Friday, January 22, 2010

Continuation High

I work at a Continuation High School. This means, for various reasons, my students do not fit into the standard public school mold -- usually for failing classes, chronic ditching, breaking school rules, dropping out then returning to school, an inability or unwillingness to do homework, or just because they don't like the pressures of "normal" school. They are here either temporarily or until they graduate -- for credit make-up, and extra support.

Classes are smaller than average -- 12-18 or so, in most cases. Sound easy? Imagine plucking the most loud mouthed, rebellious, angry, easily provoked, school loathing students from your average public school classroom, and putting them all in one class -- at the same time, on energy drinks, without a proper breakfast, or enough sleep the night before. Then try to teach them English, while the quiet ones cut daggers at you because the rampant out of control outbursts of their peers makes them crazy, and they blame you for it. Not every class is the same, of course, each comes with its own dynamics, some have synchronicity, some not so much -- but one thing is consistent throughout the day -- English class is no easy sell, no matter how you spin it. Ours is not a relationship based on a mutual love for literature, that much is for certain.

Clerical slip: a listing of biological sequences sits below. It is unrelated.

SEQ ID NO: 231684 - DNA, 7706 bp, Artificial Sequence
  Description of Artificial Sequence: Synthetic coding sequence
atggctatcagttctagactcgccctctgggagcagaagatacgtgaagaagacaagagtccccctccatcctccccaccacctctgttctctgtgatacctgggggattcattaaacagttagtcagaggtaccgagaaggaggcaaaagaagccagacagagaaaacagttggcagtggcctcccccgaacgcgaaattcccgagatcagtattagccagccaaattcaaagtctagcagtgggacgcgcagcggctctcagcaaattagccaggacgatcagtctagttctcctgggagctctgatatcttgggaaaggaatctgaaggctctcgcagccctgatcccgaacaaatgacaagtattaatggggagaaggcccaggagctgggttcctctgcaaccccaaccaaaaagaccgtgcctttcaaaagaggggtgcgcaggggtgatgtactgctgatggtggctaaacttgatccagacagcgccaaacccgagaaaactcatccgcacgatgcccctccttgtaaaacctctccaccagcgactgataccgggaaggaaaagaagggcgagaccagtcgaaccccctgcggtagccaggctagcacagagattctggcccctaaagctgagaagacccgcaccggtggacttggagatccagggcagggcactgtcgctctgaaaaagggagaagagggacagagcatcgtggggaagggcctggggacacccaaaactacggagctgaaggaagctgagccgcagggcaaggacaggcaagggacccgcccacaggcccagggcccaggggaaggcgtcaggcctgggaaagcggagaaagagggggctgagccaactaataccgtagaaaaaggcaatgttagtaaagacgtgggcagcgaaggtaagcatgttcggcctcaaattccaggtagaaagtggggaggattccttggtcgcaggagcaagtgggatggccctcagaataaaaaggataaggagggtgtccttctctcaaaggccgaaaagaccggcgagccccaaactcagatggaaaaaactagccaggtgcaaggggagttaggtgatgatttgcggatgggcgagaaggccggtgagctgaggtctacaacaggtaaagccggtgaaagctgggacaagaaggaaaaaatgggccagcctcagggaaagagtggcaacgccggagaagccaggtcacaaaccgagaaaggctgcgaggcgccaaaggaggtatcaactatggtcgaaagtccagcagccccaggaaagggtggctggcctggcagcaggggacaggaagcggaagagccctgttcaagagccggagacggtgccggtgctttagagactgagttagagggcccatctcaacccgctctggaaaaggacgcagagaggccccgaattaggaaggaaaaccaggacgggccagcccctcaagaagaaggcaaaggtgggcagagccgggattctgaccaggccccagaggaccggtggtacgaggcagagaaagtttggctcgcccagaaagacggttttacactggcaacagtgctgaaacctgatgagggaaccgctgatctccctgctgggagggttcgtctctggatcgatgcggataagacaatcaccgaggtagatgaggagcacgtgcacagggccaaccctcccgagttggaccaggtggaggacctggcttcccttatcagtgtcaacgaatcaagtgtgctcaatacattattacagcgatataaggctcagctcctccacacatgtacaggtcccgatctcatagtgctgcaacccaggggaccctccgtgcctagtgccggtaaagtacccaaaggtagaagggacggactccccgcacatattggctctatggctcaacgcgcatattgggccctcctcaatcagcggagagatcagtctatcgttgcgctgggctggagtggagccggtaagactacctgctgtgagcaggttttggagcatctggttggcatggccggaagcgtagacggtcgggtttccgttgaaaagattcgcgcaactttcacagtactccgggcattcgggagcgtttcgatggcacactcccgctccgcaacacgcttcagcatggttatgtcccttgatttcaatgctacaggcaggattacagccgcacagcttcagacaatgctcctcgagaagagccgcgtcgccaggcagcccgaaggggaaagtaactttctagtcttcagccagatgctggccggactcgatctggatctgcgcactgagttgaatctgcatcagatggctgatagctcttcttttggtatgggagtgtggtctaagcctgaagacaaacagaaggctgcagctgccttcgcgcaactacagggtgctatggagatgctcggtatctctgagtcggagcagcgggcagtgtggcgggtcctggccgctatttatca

That's why I am so lucky to have State Standards. Gosh, without those, I'm not sure how we could get anything accomplished in the classroom. At the end of the day, I like to remind myself how lucky all of our children are that there exists a group of consultants out there that know exactly what our children should be learning, on any given day, from year to year, all across the great long state of California. In fact, I have been told that, if all teachers would really buckle down and attach every single one of their lessons to a State Standard then every student graduating high school would know exactly the same things! You could even give them all the same test, and no matter how unimportant and random the information on that test -- everyone would know all of the answers! From what I can gather, it's almost as if the State Standards are magic. I think that, next time there's a fight in my classroom, I am going to pull out my book of Standards and just recite from it. I've been told that this makes them settle down almost immediately. I'll let you know how it goes.

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